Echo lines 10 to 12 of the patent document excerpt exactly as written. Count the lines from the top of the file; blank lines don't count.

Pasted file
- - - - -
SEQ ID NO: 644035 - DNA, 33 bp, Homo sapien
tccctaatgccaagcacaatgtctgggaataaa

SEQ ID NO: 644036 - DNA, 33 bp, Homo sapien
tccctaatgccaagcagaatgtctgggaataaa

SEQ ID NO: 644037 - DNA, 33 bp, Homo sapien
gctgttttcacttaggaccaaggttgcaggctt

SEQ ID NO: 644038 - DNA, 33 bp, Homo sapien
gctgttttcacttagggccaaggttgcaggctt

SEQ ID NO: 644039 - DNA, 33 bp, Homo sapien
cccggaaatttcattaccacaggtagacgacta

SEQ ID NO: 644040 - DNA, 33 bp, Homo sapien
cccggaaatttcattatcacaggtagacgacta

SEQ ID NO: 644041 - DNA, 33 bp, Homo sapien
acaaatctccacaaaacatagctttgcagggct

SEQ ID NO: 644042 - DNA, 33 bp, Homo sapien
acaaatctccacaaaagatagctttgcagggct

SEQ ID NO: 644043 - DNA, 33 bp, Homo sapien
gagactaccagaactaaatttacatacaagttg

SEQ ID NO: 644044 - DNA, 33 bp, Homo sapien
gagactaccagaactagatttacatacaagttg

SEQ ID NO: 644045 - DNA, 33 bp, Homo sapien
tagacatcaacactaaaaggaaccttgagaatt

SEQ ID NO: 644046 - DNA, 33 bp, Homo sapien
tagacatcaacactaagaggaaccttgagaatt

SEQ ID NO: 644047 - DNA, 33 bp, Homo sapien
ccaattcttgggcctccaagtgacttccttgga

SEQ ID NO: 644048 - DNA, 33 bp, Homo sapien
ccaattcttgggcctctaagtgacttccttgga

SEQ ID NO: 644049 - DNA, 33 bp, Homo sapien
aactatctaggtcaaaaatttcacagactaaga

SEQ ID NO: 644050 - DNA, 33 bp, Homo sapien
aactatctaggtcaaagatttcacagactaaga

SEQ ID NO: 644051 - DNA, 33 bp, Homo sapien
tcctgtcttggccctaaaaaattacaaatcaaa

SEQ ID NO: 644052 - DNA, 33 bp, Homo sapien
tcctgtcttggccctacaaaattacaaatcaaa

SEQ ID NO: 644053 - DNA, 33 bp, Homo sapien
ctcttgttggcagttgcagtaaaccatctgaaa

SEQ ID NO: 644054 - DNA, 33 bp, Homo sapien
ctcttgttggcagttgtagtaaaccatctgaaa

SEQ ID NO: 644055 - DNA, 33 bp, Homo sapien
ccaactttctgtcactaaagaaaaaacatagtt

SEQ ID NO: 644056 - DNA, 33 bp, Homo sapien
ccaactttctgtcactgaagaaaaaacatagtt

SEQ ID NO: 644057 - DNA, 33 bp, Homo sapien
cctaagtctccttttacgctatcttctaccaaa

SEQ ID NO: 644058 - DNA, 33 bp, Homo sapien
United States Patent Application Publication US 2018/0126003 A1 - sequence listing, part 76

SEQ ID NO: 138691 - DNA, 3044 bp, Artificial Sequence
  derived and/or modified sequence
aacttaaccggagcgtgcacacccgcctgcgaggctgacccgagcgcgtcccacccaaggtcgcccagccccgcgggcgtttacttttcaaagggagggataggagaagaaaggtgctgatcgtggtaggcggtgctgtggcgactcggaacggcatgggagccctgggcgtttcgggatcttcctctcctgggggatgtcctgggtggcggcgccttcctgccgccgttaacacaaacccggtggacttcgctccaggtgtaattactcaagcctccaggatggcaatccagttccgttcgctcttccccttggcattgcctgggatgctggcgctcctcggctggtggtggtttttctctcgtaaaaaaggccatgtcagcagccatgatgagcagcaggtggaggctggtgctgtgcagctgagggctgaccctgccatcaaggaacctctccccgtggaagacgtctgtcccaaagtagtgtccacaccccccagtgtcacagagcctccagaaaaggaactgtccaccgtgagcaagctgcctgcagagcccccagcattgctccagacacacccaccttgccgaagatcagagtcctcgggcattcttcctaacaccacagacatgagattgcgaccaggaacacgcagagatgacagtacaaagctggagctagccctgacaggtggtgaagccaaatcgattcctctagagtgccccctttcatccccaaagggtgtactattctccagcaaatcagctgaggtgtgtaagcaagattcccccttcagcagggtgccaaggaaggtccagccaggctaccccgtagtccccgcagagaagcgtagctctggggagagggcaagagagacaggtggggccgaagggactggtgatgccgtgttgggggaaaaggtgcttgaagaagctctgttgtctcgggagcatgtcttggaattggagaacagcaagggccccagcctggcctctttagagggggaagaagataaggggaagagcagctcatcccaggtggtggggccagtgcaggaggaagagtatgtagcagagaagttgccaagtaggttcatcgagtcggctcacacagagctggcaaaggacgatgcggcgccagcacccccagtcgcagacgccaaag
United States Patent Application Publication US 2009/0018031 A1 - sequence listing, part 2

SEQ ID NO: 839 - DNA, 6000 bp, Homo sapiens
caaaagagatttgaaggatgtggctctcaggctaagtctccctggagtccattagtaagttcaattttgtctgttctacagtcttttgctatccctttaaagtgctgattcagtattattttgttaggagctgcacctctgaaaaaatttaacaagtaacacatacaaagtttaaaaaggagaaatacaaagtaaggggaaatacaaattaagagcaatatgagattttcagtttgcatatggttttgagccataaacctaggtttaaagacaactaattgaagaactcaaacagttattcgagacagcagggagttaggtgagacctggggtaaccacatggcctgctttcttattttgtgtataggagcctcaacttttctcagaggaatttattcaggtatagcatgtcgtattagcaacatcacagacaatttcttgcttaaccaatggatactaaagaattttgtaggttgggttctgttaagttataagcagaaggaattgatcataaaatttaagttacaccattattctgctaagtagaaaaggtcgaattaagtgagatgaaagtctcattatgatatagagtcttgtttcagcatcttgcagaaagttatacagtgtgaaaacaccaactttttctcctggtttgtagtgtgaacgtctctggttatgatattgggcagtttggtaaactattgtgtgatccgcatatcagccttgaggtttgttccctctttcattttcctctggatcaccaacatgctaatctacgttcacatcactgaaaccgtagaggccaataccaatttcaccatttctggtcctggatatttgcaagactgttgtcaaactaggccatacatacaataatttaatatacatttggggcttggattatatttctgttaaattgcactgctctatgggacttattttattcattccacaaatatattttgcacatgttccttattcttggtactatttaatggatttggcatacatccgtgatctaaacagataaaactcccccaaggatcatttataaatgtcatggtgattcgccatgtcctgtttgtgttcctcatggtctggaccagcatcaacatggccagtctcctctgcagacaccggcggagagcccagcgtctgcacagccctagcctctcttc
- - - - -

cccggaaatttcattaccacaggtagacgacta

SEQ ID NO: 644040 - DNA, 33 bp, Homo sapien
cccggaaatttcattatcacaggtagacgacta